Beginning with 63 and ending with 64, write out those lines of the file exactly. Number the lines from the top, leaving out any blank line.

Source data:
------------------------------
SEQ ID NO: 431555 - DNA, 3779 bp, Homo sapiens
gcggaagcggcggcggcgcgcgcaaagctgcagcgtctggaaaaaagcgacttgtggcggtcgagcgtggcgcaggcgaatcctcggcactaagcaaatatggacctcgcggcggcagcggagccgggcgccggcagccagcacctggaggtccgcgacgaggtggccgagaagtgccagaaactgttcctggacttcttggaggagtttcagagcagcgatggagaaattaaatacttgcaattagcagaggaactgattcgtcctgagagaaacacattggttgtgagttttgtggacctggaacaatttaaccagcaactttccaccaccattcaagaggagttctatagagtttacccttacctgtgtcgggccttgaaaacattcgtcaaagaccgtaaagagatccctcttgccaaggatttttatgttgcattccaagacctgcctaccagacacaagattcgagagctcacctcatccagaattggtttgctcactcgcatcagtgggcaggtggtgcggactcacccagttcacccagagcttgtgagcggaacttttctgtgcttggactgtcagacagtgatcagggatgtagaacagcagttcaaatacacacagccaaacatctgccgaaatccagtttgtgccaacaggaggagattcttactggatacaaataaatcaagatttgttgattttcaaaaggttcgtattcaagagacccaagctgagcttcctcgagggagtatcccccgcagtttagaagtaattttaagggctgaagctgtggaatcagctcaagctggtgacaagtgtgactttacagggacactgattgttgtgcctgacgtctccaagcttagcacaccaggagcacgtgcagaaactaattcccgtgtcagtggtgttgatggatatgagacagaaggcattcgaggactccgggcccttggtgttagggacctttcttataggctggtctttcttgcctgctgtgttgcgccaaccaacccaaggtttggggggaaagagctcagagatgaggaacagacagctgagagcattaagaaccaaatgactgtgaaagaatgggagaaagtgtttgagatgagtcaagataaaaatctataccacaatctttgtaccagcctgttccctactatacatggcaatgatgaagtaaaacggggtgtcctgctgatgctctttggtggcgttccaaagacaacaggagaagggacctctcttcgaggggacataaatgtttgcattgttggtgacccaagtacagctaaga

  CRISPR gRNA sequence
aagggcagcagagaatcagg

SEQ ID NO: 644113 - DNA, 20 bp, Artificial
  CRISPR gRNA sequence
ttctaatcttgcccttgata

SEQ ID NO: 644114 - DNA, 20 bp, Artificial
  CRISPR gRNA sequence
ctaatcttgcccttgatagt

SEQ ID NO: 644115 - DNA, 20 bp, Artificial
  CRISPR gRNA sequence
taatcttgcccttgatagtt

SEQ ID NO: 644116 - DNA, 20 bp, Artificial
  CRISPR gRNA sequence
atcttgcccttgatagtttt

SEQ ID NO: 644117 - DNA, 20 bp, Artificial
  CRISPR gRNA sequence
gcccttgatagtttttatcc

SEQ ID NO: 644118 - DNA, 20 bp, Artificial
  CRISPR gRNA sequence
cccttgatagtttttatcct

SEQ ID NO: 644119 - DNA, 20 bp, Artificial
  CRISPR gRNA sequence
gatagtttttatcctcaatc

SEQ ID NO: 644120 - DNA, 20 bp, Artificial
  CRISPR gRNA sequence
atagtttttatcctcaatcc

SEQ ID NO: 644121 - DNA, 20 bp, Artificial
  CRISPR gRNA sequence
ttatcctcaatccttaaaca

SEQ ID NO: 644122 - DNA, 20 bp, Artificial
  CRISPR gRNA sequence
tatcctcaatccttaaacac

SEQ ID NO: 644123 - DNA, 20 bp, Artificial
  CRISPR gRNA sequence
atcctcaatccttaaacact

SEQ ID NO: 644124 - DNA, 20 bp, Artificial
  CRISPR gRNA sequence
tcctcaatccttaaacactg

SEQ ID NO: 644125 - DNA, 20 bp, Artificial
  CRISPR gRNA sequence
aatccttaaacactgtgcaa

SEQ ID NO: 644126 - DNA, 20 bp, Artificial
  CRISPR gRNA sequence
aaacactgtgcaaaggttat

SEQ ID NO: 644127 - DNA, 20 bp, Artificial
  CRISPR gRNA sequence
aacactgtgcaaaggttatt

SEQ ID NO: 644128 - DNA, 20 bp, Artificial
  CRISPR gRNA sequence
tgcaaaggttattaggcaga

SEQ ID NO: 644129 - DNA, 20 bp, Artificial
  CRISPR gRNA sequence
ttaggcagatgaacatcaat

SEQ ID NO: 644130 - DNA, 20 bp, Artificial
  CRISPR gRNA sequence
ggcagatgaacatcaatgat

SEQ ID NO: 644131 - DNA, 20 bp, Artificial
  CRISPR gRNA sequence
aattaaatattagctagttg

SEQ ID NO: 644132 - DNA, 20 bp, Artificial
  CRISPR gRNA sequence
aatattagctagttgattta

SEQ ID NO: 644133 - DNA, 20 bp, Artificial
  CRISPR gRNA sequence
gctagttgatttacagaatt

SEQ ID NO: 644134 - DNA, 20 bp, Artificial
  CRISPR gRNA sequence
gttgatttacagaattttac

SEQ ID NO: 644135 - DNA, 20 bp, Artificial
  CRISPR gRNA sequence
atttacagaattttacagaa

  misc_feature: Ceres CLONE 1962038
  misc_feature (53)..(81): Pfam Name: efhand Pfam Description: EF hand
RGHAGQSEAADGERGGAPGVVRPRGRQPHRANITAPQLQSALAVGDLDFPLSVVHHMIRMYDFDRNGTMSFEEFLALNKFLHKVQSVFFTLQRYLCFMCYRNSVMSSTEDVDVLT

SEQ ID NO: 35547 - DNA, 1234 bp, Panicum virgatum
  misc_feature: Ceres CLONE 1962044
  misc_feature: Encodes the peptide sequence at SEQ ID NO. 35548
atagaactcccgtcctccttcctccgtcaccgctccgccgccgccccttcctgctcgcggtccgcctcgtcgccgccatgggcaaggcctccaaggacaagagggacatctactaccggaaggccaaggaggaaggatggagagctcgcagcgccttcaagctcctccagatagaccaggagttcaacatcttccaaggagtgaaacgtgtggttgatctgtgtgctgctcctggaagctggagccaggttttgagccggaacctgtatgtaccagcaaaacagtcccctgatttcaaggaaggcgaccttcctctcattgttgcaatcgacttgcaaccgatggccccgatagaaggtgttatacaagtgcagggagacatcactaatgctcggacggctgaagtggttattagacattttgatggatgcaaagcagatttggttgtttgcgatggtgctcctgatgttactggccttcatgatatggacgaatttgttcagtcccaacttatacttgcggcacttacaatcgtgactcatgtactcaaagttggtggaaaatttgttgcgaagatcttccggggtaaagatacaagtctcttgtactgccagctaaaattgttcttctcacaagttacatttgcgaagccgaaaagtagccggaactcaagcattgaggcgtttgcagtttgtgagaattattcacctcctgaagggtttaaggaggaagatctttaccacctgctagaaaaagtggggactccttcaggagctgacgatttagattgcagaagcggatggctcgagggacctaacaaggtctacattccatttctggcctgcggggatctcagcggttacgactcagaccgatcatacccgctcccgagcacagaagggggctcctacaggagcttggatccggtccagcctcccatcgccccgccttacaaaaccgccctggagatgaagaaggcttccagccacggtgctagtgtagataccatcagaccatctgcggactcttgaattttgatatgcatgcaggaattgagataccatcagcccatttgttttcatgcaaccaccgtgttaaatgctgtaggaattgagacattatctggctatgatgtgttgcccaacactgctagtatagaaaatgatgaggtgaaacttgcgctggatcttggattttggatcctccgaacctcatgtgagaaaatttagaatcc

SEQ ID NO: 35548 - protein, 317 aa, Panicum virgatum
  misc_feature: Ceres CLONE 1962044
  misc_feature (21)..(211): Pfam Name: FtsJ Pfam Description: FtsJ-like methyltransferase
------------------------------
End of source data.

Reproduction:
  CRISPR gRNA sequence
aatattagctagttgattta